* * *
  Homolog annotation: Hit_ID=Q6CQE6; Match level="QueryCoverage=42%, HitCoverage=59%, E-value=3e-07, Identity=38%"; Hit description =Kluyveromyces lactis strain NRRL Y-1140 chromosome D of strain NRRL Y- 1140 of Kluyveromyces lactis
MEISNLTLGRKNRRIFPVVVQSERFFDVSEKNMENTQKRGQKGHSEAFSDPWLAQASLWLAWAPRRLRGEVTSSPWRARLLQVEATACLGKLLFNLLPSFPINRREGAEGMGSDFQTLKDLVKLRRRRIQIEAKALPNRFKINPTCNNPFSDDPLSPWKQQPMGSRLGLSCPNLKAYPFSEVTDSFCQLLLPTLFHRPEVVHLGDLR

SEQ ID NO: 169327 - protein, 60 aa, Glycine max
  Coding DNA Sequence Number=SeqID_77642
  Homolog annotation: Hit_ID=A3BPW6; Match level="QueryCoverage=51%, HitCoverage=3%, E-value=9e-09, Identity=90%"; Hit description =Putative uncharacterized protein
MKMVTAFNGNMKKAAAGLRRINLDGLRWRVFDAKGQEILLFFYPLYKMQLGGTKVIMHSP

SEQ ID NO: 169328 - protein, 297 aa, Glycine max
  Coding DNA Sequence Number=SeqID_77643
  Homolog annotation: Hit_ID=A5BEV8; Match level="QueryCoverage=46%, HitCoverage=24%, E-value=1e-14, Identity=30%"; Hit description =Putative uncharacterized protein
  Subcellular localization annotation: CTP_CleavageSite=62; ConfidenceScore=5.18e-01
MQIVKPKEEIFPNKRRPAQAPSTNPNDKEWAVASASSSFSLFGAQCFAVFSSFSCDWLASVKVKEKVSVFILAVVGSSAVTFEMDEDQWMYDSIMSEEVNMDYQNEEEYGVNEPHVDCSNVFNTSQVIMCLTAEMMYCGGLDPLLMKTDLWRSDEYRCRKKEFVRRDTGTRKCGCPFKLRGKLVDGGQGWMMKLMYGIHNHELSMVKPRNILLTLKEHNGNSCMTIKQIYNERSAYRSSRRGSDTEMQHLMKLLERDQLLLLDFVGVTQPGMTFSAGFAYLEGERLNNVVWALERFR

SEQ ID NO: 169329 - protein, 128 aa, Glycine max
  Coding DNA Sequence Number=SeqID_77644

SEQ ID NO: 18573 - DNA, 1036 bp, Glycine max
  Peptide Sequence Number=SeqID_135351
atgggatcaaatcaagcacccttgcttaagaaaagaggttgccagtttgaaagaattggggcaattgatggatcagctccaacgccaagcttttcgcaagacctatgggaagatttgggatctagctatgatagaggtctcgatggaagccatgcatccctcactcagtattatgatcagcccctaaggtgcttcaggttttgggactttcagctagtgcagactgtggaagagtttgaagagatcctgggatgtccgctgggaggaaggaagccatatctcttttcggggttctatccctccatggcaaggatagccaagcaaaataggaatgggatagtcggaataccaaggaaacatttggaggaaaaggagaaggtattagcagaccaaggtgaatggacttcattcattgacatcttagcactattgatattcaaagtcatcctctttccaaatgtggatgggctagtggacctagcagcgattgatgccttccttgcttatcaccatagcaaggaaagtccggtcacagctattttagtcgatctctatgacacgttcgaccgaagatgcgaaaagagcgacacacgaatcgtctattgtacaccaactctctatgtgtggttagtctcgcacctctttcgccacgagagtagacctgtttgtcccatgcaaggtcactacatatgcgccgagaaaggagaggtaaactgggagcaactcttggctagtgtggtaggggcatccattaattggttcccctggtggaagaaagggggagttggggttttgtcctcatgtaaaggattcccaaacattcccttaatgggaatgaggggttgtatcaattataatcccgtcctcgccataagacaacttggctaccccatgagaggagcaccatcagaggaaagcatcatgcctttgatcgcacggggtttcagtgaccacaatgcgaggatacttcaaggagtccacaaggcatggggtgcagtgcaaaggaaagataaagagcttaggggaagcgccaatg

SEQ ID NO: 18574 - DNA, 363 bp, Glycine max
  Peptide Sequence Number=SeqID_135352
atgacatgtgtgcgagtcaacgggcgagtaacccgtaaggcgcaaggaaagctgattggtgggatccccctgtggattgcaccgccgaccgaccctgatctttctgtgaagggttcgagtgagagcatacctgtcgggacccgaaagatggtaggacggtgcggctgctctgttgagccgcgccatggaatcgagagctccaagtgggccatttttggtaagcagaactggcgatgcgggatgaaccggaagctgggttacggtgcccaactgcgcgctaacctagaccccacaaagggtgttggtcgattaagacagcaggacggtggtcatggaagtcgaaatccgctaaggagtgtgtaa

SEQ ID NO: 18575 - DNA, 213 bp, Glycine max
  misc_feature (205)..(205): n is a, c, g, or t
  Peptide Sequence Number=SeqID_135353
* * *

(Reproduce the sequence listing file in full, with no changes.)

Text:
  Homolog annotation: Hit_ID=Q6CQE6; Match level="QueryCoverage=42%, HitCoverage=59%, E-value=3e-07, Identity=38%"; Hit description =Kluyveromyces lactis strain NRRL Y-1140 chromosome D of strain NRRL Y- 1140 of Kluyveromyces lactis
MEISNLTLGRKNRRIFPVVVQSERFFDVSEKNMENTQKRGQKGHSEAFSDPWLAQASLWLAWAPRRLRGEVTSSPWRARLLQVEATACLGKLLFNLLPSFPINRREGAEGMGSDFQTLKDLVKLRRRRIQIEAKALPNRFKINPTCNNPFSDDPLSPWKQQPMGSRLGLSCPNLKAYPFSEVTDSFCQLLLPTLFHRPEVVHLGDLR

SEQ ID NO: 169327 - protein, 60 aa, Glycine max
  Coding DNA Sequence Number=SeqID_77642
  Homolog annotation: Hit_ID=A3BPW6; Match level="QueryCoverage=51%, HitCoverage=3%, E-value=9e-09, Identity=90%"; Hit description =Putative uncharacterized protein
MKMVTAFNGNMKKAAAGLRRINLDGLRWRVFDAKGQEILLFFYPLYKMQLGGTKVIMHSP

SEQ ID NO: 169328 - protein, 297 aa, Glycine max
  Coding DNA Sequence Number=SeqID_77643
  Homolog annotation: Hit_ID=A5BEV8; Match level="QueryCoverage=46%, HitCoverage=24%, E-value=1e-14, Identity=30%"; Hit description =Putative uncharacterized protein
  Subcellular localization annotation: CTP_CleavageSite=62; ConfidenceScore=5.18e-01
MQIVKPKEEIFPNKRRPAQAPSTNPNDKEWAVASASSSFSLFGAQCFAVFSSFSCDWLASVKVKEKVSVFILAVVGSSAVTFEMDEDQWMYDSIMSEEVNMDYQNEEEYGVNEPHVDCSNVFNTSQVIMCLTAEMMYCGGLDPLLMKTDLWRSDEYRCRKKEFVRRDTGTRKCGCPFKLRGKLVDGGQGWMMKLMYGIHNHELSMVKPRNILLTLKEHNGNSCMTIKQIYNERSAYRSSRRGSDTEMQHLMKLLERDQLLLLDFVGVTQPGMTFSAGFAYLEGERLNNVVWALERFR

SEQ ID NO: 169329 - protein, 128 aa, Glycine max
  Coding DNA Sequence Number=SeqID_77644

SEQ ID NO: 18573 - DNA, 1036 bp, Glycine max
  Peptide Sequence Number=SeqID_135351
atgggatcaaatcaagcacccttgcttaagaaaagaggttgccagtttgaaagaattggggcaattgatggatcagctccaacgccaagcttttcgcaagacctatgggaagatttgggatctagctatgatagaggtctcgatggaagccatgcatccctcactcagtattatgatcagcccctaaggtgcttcaggttttgggactttcagctagtgcagactgtggaagagtttgaagagatcctgggatgtccgctgggaggaaggaagccatatctcttttcggggttctatccctccatggcaaggatagccaagcaaaataggaatgggatagtcggaataccaaggaaacatttggaggaaaaggagaaggtattagcagaccaaggtgaatggacttcattcattgacatcttagcactattgatattcaaagtcatcctctttccaaatgtggatgggctagtggacctagcagcgattgatgccttccttgcttatcaccatagcaaggaaagtccggtcacagctattttagtcgatctctatgacacgttcgaccgaagatgcgaaaagagcgacacacgaatcgtctattgtacaccaactctctatgtgtggttagtctcgcacctctttcgccacgagagtagacctgtttgtcccatgcaaggtcactacatatgcgccgagaaaggagaggtaaactgggagcaactcttggctagtgtggtaggggcatccattaattggttcccctggtggaagaaagggggagttggggttttgtcctcatgtaaaggattcccaaacattcccttaatgggaatgaggggttgtatcaattataatcccgtcctcgccataagacaacttggctaccccatgagaggagcaccatcagaggaaagcatcatgcctttgatcgcacggggtttcagtgaccacaatgcgaggatacttcaaggagtccacaaggcatggggtgcagtgcaaaggaaagataaagagcttaggggaagcgccaatg

SEQ ID NO: 18574 - DNA, 363 bp, Glycine max
  Peptide Sequence Number=SeqID_135352
atgacatgtgtgcgagtcaacgggcgagtaacccgtaaggcgcaaggaaagctgattggtgggatccccctgtggattgcaccgccgaccgaccctgatctttctgtgaagggttcgagtgagagcatacctgtcgggacccgaaagatggtaggacggtgcggctgctctgttgagccgcgccatggaatcgagagctccaagtgggccatttttggtaagcagaactggcgatgcgggatgaaccggaagctgggttacggtgcccaactgcgcgctaacctagaccccacaaagggtgttggtcgattaagacagcaggacggtggtcatggaagtcgaaatccgctaaggagtgtgtaa

SEQ ID NO: 18575 - DNA, 213 bp, Glycine max
  misc_feature (205)..(205): n is a, c, g, or t
  Peptide Sequence Number=SeqID_135353